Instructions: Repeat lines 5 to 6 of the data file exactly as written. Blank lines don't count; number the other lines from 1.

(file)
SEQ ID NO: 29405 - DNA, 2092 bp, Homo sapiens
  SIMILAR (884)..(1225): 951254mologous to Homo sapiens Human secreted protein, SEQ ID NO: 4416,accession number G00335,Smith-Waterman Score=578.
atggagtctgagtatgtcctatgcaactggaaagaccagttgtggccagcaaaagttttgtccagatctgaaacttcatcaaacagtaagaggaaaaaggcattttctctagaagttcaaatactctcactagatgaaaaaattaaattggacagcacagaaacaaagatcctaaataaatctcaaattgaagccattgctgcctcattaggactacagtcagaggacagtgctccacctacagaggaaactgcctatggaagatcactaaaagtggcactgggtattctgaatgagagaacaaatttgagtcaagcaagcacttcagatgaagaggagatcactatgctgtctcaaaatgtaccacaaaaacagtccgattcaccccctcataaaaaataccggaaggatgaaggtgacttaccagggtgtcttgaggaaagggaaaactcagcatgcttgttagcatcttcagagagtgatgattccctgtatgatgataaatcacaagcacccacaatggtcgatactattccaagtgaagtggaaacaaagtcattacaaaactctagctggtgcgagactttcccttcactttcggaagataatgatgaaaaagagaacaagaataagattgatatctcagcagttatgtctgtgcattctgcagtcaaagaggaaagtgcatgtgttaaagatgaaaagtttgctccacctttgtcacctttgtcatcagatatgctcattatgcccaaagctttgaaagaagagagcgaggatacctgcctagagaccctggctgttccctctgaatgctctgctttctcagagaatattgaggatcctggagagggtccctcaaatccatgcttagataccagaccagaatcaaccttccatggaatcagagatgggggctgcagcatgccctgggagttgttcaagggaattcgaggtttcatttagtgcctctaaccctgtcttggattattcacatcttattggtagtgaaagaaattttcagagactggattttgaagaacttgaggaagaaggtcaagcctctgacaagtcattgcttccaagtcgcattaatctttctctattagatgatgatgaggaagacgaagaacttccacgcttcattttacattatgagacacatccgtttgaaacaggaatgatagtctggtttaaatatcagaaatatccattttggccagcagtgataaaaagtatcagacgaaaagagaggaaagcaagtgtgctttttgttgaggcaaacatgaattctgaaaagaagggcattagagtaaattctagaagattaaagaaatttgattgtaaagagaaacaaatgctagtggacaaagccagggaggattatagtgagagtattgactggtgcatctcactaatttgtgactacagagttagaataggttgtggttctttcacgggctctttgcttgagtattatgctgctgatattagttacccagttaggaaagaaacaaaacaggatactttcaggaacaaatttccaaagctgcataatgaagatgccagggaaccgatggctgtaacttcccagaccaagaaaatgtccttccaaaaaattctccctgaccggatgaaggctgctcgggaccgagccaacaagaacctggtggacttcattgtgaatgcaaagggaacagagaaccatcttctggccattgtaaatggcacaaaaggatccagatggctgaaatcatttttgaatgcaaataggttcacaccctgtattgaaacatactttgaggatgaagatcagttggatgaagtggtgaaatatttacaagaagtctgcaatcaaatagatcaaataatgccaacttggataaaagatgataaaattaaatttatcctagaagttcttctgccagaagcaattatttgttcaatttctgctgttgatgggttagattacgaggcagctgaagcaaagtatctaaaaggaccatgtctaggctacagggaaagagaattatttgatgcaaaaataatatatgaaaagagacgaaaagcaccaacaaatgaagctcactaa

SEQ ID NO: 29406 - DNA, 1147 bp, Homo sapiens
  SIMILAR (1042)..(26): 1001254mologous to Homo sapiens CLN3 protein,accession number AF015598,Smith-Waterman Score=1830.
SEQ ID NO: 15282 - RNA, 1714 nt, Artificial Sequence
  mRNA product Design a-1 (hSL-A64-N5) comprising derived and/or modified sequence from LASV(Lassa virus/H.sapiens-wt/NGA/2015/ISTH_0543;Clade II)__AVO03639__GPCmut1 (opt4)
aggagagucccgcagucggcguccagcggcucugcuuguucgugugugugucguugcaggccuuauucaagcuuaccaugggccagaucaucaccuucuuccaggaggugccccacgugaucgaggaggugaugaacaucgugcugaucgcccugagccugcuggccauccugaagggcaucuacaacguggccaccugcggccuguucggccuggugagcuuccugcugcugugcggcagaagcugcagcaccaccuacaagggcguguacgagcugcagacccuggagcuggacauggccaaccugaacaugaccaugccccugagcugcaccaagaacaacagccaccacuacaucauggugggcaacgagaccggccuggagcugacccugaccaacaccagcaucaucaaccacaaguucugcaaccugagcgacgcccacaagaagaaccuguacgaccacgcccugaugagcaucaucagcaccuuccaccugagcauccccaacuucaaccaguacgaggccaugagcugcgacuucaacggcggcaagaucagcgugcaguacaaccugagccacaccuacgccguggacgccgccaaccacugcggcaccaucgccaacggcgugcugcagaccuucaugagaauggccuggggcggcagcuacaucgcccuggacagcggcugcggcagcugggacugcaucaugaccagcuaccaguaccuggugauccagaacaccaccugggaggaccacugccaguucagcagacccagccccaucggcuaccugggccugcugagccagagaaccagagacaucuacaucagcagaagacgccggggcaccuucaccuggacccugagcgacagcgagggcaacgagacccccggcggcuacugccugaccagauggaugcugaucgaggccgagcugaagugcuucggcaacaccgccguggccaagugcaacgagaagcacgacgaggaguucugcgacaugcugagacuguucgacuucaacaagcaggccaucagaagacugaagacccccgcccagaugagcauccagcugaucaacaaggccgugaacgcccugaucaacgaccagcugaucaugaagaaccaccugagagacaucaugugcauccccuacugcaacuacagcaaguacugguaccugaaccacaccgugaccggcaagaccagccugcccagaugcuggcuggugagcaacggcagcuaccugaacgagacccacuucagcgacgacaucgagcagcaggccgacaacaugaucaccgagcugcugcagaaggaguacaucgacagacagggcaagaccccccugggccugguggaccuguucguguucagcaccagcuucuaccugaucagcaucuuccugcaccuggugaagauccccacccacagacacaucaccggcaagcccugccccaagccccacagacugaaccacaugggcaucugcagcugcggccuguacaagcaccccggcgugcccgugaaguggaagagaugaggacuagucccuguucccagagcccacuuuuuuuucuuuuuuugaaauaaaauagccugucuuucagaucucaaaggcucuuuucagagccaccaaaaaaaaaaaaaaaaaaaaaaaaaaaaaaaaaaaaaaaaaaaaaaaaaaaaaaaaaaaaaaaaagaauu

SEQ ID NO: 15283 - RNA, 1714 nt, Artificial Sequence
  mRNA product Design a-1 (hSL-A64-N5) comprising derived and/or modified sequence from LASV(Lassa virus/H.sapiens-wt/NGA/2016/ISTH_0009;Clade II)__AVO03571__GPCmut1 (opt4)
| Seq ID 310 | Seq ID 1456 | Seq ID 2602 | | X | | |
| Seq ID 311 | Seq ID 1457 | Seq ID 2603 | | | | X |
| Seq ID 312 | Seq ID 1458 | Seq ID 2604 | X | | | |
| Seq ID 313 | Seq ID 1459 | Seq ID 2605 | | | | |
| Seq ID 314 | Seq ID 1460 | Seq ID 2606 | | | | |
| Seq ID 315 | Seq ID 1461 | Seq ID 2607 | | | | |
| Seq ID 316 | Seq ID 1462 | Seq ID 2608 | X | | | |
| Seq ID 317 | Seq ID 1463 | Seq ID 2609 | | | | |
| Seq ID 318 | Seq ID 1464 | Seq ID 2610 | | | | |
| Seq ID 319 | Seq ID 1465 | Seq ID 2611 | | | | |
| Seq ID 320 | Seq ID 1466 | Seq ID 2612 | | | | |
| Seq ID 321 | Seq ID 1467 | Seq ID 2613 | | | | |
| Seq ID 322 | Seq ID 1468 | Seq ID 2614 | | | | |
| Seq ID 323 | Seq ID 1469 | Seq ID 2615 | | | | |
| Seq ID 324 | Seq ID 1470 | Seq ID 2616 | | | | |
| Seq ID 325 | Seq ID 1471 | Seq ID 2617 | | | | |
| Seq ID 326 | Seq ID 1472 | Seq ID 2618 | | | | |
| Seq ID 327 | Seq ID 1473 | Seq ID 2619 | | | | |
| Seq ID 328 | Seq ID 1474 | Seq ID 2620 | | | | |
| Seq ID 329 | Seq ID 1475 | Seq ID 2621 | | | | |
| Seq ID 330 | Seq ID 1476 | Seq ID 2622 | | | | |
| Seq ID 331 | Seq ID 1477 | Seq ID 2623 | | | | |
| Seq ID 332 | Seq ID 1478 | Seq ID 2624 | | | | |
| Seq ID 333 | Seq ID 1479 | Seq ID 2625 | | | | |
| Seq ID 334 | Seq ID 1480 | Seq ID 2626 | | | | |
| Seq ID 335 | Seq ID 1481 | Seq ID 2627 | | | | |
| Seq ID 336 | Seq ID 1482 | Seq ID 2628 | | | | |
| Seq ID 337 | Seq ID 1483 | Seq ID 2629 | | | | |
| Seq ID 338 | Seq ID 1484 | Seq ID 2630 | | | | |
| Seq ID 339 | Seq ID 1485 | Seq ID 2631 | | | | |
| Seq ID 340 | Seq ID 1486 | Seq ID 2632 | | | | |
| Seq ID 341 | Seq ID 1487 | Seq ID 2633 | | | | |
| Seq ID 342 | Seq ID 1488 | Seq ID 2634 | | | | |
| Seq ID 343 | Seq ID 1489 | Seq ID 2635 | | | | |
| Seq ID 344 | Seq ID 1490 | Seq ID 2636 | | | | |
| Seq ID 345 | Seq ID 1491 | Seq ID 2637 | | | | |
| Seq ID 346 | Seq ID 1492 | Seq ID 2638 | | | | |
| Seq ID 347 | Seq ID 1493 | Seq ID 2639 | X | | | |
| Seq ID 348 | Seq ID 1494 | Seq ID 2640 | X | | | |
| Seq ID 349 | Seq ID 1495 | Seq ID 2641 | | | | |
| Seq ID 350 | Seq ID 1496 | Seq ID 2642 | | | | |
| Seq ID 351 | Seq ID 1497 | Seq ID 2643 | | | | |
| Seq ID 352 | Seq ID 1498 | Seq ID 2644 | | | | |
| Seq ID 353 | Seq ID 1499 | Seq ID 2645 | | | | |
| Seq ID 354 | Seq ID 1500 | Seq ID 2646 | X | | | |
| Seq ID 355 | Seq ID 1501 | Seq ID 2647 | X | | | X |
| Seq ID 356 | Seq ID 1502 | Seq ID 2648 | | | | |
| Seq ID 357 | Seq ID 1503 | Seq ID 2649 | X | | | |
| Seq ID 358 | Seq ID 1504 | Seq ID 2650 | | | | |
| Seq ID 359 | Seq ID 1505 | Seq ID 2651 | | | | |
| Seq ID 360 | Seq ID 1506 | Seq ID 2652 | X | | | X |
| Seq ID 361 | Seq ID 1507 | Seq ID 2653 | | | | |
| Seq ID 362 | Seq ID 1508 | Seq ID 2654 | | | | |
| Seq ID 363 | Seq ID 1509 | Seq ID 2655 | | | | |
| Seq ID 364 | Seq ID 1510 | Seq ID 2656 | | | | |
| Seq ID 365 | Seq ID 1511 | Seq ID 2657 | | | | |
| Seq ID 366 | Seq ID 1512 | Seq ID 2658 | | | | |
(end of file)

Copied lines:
  SIMILAR (1042)..(26): 1001254mologous to Homo sapiens CLN3 protein,accession number AF015598,Smith-Waterman Score=1830.
SEQ ID NO: 15282 - RNA, 1714 nt, Artificial Sequence